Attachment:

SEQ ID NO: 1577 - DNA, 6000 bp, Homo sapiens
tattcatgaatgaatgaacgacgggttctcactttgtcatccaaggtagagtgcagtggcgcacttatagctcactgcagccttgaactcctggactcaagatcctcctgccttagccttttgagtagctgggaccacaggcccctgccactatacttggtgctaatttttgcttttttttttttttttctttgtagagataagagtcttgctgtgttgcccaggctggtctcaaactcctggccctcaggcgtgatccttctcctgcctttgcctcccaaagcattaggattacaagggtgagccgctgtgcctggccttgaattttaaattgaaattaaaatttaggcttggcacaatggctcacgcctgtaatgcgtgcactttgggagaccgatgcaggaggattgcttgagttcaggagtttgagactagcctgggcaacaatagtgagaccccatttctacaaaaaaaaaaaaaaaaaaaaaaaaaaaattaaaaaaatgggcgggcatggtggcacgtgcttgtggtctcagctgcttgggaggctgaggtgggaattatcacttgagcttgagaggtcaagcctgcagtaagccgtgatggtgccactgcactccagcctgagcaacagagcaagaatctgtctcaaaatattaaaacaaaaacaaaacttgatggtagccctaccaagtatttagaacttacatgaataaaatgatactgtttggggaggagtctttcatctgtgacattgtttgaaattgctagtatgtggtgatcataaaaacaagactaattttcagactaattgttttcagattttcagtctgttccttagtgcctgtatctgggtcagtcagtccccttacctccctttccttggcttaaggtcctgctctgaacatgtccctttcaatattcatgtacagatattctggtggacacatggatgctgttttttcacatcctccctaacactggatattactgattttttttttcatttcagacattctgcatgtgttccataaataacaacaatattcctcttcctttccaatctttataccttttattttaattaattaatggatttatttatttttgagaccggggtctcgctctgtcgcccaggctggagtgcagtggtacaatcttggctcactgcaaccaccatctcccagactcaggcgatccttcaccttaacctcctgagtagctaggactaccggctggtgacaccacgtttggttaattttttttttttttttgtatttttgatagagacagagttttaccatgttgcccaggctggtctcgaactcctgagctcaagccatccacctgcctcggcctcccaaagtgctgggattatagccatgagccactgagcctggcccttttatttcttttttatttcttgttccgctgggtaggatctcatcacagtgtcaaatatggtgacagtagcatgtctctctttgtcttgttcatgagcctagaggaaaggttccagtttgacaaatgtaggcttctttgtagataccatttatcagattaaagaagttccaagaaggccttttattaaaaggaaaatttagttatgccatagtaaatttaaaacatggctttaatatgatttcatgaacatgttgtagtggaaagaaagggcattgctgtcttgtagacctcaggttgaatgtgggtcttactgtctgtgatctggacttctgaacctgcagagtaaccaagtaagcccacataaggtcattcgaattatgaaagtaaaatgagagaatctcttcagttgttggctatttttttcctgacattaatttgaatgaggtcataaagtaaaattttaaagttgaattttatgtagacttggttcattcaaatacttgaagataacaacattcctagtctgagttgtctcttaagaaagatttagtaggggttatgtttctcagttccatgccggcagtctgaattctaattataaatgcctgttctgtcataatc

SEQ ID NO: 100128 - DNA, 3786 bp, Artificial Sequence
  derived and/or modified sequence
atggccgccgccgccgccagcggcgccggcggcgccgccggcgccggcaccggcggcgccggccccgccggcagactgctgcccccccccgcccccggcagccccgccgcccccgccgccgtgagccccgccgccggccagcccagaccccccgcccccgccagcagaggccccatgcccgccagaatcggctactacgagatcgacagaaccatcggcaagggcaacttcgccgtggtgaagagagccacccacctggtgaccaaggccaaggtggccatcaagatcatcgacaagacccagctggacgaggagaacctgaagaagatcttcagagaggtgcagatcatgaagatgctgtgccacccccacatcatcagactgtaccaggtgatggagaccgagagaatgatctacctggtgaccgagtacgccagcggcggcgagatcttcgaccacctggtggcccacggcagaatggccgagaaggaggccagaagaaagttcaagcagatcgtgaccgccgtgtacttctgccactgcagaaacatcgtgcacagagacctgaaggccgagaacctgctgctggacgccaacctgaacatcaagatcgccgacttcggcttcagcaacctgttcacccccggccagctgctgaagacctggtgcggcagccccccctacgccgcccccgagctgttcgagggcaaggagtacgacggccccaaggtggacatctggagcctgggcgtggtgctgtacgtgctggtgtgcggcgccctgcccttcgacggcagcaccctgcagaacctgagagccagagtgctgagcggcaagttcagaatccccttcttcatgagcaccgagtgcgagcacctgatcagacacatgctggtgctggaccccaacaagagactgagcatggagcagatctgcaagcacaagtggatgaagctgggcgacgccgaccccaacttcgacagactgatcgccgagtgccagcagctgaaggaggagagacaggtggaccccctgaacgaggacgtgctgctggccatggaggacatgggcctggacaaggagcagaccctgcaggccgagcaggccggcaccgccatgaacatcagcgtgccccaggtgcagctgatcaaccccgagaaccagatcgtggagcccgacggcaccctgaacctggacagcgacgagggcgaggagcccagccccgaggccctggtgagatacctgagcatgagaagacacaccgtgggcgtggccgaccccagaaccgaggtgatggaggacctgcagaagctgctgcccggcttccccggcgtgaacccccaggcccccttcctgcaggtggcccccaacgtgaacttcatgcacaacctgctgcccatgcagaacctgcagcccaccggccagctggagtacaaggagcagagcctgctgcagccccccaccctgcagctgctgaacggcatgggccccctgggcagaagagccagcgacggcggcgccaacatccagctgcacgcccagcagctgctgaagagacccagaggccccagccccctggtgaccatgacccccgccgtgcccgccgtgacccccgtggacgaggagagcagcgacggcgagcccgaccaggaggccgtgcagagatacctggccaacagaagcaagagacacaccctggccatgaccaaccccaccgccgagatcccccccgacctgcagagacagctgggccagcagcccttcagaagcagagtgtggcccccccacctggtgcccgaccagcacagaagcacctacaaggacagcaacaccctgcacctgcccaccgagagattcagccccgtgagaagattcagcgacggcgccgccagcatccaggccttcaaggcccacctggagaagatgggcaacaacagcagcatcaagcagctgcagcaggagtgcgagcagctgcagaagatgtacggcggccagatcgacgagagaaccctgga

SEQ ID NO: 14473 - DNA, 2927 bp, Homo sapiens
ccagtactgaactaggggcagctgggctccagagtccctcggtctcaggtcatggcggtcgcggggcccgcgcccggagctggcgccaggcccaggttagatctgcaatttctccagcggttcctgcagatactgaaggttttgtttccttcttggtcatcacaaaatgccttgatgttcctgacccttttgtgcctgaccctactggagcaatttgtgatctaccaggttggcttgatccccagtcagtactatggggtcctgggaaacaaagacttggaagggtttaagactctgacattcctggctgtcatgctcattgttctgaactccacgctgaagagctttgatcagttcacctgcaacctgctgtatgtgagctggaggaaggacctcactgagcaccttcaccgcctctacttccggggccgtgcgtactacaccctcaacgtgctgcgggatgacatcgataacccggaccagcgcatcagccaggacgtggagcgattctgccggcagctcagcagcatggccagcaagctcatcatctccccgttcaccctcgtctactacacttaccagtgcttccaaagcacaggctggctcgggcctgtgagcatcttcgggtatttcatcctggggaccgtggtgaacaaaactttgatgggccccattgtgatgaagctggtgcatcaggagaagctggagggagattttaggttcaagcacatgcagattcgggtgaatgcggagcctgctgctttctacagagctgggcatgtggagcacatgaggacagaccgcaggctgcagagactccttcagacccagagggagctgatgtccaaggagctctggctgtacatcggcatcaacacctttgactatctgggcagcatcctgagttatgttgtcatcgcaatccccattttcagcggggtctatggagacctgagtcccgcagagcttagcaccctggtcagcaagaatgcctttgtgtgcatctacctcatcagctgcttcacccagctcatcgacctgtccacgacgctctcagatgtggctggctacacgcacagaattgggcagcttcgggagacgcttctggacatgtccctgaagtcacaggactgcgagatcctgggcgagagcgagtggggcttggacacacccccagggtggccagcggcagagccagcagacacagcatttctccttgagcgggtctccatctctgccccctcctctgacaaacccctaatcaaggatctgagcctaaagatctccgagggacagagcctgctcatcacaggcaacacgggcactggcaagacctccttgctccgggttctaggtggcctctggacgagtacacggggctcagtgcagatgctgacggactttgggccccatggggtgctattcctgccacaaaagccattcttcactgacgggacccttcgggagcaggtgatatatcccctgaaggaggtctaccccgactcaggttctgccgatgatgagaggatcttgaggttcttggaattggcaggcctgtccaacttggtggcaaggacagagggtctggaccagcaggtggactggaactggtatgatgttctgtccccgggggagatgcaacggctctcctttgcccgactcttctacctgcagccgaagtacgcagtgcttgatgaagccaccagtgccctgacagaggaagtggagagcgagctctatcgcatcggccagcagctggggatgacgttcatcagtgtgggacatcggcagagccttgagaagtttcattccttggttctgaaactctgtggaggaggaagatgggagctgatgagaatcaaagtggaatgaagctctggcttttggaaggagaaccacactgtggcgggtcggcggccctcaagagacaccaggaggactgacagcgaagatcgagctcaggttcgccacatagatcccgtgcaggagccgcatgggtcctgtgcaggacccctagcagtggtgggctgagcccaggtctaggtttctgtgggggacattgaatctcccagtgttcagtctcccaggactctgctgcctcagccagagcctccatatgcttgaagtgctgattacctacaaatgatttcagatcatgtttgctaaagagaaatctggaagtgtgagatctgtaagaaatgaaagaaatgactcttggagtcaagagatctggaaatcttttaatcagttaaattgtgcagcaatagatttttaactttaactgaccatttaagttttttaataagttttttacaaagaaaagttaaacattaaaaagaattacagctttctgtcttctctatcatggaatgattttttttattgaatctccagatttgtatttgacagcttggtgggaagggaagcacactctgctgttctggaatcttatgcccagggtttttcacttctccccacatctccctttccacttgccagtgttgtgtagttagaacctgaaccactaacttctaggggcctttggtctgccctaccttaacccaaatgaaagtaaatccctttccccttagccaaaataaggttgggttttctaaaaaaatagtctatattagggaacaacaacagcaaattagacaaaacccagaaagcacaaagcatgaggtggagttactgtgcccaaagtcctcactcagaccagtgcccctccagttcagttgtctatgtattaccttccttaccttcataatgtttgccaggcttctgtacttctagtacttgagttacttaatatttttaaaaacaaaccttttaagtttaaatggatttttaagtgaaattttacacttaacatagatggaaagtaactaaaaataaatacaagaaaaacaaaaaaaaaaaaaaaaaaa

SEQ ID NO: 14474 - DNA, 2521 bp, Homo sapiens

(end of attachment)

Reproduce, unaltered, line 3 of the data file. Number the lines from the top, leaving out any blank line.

SEQ ID NO: 100128 - DNA, 3786 bp, Artificial Sequence